The following day, May 10th, we arranged for Nacho to pick us up outside of our hotel at 4:30AM and made our way to Ceima Cachivera, a known site for Guianan Cock-of-the-Rock at a lek. It was sprinkling when we arrived but the rain was light and didn’t prevent us from going out. Soon it stopped and we started along a different trail looking for the lek site. Either Nacho didn’t know the site or the birds weren’t around, the latter being what we presumed to be the case, as the two sites he said they were at were empty with not even a nest to be seen along the rocks. The only Guianan Cock-of-the-Rock that we saw for the day was a nice male who was flushed when Ross went into the forest to record a calling Western Striped Manakin. The stunning orange bird perched in the open allowing for great views and for Ross to get a few photos and recordings before he made his way off deeper into the jungle. This is a bird birders and non-birders alike could appreciate with the most vibrant orange plumage contrasted against the green surroundings. We continued along one of the trails looking for flocks as we made our way up to the first “Cerro” (hill) of the trip. It’s not often that you can stand on any kind of a peak in the Amazon and look out into the forest below but that’s where we found ourselves, standing on top of a large rock face looking out with green as far as the eye could see. We were a bit late in the day otherwise this would have been a great vantage point to scan for cotingas perched up on the trees. Ross and I hiked up to the very top and enjoyed the 360 degree views of the Amazon below. We did find a few birds including a Plumbeous Kite harassing an Ornate Hawk-Eagle before making our way back down. As always, returning is much faster but we did stop along the way when we ran into flocks. The afternoon was quite birdy and other highlights from the day included a large flock of birds containing White-fronted Nunbird, Grayish Mourner, Rufous-tailed Antwren, Olive-backed Foliage-gleaner, and Pink-throated Becard.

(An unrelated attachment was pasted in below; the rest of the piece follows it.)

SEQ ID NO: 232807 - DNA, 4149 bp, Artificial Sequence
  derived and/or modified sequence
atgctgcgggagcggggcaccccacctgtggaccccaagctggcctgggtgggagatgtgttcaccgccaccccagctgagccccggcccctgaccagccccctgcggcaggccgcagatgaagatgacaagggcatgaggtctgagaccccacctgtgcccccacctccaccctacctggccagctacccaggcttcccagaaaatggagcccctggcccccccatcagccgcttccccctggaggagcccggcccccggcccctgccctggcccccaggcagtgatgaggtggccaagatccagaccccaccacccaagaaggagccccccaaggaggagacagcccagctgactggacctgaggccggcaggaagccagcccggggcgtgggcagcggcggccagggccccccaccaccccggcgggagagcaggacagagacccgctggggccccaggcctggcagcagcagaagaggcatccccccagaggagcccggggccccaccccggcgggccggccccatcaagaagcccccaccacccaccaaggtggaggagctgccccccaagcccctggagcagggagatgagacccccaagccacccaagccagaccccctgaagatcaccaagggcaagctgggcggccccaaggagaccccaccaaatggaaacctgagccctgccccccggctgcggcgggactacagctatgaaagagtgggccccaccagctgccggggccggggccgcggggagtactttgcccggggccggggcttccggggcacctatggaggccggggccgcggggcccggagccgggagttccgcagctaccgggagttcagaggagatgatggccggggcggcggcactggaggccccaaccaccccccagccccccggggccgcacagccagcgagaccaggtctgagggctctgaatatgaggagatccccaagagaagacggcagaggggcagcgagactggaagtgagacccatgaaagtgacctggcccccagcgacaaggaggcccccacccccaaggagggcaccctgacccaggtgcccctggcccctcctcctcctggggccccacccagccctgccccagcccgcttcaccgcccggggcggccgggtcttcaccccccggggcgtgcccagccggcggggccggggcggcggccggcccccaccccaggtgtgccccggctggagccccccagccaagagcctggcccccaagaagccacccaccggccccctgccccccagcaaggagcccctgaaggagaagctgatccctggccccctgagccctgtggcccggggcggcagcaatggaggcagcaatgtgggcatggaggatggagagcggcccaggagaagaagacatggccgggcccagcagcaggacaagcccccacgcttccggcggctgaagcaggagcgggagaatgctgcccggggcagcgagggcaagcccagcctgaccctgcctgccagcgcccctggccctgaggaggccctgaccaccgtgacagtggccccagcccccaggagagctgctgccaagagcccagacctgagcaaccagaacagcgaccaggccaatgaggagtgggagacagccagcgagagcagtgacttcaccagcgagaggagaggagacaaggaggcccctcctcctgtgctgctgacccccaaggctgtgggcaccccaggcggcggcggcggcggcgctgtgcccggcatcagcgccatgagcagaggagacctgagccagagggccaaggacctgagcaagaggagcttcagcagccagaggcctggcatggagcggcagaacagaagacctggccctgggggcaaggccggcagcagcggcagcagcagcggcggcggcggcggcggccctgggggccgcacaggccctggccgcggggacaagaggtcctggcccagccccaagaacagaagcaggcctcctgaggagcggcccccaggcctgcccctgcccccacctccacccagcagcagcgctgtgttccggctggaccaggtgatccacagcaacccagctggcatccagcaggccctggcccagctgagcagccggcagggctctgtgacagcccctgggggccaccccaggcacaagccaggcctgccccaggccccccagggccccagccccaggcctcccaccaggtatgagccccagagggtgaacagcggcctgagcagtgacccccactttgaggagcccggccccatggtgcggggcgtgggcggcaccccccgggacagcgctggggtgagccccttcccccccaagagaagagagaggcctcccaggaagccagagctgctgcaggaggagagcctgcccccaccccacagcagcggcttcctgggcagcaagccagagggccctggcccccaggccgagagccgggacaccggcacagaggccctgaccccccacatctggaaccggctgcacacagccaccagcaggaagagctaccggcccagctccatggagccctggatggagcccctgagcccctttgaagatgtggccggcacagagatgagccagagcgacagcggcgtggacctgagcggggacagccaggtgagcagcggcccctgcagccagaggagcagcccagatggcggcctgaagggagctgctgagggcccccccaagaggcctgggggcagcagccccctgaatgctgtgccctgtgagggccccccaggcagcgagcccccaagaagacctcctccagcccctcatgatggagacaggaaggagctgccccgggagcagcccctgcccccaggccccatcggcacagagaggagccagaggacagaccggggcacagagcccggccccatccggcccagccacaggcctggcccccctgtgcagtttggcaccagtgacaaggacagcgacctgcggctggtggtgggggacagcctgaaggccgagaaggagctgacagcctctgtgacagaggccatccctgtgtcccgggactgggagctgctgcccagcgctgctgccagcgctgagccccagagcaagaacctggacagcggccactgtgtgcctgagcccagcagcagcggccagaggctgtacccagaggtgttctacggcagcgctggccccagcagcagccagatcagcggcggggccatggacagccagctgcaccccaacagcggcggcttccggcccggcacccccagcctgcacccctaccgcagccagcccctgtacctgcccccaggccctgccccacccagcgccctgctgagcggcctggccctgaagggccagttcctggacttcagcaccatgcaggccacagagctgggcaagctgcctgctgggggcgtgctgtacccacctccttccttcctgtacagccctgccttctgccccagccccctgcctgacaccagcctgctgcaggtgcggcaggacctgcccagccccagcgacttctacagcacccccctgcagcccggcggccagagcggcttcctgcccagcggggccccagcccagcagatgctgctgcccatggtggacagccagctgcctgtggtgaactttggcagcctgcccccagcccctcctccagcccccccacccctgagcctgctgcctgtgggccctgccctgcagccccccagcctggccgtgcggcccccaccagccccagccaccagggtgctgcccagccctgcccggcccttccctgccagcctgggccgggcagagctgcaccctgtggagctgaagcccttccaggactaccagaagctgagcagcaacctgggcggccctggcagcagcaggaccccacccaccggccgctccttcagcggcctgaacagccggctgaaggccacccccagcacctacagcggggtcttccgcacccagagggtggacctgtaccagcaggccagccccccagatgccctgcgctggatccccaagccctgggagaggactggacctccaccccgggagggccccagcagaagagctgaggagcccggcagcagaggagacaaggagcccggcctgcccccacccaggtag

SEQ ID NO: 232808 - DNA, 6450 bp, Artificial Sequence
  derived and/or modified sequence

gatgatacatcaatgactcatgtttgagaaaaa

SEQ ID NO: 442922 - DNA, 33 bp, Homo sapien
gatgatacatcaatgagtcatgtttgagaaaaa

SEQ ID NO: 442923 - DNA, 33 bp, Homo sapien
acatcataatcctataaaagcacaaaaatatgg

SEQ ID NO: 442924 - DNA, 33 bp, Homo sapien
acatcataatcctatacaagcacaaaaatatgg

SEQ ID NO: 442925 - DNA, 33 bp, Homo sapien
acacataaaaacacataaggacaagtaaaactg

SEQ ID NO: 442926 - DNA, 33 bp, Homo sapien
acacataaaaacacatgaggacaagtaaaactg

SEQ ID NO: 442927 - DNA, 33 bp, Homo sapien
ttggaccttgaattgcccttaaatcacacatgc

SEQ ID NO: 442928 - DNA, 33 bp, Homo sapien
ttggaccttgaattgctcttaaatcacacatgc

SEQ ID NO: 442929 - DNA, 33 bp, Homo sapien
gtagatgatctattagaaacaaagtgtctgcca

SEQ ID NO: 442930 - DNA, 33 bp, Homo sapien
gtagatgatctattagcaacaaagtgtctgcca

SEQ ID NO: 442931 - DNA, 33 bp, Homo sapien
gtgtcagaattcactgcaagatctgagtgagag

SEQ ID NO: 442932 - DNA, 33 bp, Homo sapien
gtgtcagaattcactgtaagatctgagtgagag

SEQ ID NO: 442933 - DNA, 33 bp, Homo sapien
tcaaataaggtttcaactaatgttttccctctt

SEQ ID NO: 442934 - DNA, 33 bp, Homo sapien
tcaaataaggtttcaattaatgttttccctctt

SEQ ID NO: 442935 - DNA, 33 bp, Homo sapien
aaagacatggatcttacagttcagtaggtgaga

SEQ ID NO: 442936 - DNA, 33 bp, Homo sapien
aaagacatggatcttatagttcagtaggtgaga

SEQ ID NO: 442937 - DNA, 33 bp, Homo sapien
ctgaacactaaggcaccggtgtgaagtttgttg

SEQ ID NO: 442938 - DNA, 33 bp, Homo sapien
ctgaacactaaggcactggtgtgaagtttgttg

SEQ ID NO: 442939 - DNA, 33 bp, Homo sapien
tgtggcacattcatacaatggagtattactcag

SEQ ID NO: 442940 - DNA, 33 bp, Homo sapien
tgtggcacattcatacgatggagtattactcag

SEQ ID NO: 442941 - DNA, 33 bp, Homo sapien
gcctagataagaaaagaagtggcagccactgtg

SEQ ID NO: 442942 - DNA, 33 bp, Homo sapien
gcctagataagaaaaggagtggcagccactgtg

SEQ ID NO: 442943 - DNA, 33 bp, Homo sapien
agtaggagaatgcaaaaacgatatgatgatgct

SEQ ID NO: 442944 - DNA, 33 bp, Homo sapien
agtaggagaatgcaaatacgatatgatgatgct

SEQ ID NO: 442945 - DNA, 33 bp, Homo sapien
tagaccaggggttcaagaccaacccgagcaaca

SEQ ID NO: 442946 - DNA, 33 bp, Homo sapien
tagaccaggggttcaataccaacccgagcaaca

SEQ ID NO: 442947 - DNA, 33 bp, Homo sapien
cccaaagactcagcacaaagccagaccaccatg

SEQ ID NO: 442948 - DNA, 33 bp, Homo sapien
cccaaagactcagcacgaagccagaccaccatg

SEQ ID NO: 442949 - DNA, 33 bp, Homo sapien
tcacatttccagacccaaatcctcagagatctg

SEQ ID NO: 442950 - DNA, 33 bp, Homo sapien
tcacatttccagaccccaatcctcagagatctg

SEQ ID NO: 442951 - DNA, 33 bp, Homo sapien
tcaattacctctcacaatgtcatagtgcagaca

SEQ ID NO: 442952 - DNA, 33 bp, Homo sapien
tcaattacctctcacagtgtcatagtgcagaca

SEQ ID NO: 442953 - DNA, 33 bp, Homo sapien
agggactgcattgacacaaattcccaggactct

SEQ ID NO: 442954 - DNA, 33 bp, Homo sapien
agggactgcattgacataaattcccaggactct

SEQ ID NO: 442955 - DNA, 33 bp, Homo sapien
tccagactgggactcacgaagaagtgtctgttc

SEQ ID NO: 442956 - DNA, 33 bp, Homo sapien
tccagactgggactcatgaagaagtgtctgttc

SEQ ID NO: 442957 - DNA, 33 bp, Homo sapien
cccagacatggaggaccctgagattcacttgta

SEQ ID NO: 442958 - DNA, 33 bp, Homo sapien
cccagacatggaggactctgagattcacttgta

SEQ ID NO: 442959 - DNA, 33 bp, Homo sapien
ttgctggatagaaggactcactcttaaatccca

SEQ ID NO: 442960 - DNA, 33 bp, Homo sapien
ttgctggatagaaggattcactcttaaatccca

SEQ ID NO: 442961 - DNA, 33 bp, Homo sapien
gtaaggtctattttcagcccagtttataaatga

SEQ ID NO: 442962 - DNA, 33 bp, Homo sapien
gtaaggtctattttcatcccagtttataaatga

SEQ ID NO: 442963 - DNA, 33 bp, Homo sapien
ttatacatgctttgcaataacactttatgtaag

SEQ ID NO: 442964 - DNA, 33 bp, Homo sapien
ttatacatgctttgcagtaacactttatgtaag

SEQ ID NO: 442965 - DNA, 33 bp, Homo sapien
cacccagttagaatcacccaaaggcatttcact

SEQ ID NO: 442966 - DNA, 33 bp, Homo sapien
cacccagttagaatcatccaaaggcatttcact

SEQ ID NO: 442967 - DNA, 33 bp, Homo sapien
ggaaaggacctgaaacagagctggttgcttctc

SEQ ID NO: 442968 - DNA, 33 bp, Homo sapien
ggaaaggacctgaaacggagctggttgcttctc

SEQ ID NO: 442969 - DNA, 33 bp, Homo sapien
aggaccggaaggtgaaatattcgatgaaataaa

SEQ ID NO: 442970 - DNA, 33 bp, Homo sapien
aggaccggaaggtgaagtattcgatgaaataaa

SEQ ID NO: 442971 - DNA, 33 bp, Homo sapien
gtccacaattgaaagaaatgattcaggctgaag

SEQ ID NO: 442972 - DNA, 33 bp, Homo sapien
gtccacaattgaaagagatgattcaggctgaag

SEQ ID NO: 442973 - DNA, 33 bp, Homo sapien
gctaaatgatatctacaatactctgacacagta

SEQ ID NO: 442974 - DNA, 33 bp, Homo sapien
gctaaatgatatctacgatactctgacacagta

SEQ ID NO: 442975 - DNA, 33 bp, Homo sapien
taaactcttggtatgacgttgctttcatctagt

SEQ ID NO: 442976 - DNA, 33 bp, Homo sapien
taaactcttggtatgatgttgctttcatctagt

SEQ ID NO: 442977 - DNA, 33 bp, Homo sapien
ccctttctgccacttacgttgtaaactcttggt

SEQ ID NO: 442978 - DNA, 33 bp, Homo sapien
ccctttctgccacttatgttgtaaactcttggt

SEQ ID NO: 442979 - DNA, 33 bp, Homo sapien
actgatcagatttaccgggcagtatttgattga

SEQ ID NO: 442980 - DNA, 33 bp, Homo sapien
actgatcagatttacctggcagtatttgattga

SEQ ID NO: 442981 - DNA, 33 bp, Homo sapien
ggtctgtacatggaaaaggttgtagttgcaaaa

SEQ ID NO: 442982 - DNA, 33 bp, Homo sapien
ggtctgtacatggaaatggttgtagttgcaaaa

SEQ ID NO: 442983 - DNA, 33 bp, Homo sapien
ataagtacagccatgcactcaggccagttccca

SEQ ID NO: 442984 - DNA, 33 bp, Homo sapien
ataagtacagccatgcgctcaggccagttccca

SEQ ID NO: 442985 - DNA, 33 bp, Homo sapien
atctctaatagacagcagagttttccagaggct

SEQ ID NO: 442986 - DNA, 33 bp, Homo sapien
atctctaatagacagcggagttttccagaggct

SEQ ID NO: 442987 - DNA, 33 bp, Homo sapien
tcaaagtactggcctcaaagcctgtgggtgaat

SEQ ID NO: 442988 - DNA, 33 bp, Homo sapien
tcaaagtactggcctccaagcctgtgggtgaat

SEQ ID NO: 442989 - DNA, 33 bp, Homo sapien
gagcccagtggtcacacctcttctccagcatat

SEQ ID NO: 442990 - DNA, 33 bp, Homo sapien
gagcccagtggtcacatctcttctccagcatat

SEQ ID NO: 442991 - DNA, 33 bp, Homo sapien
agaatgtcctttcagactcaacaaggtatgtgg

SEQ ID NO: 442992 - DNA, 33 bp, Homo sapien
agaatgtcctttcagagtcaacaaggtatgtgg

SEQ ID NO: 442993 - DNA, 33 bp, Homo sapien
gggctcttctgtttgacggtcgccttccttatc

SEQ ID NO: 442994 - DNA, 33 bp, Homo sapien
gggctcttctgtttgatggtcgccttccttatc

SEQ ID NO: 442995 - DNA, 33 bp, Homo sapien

On May 11th we had a 5AM start, which considering the last few days could be argued as sleeping in. Regardless, we were up before light and on our way to Bocotoma Trail, a white-sand site close to town that we had visited once prior. The morning started off fantastic as we all had great looks at a Gray-headed Attila, that Ross first heard, located the exact tree it was singing from and then somehow spotted the bird perched high up, a bird frequently heard but very rarely seen. We had scope views as we watched it belting out its tune and then continued on our way. Mornings are always the busiest time of day and we had Amazonian Antshrike, Spot-backed Antbird, White-eyed Tody-Tyrant, Double-banded Pygmy-Tyrant, and surprisingly another Gray-headed Attila, but easily the highlight was excellent views of five Pompadour Cotingas and a Screaming Piha in a single tree!
We continued along the white trail remarking that walking this trail was very easy, being that it was a flat and sandy trail and we didn’t have to focus on where we were putting our feet which meant we could focus our gaze to the sky. The trail weaved through the white sand before we finally came to an open area full of grass, we looked extensively but found no White-naped Seedeaters (a bird that has all but disappeared from Mitu), before weaving through some secondary growth. This secondary growth habitat was supposed to be good for Black Bushbird, but we didn’t see any on our walk through or back. Eventually we made our way into terra firme, aka land that never floods when the Amazonian rivers reach their high point. We continued walking, made several stream crossings requiring traversing fallen trees as if they were balance beams, and eventually stopped around 11, ate lunch and turned around. We had several ant swarms during the morning and picked up a few new trip birds including White-cheeked Antbird and White-plumed Antbird, but not many lifers. Needless to say, by the end of the day we were all exhausted. Overall we tallied 114 birds for the day bringing the trip list up to around 170.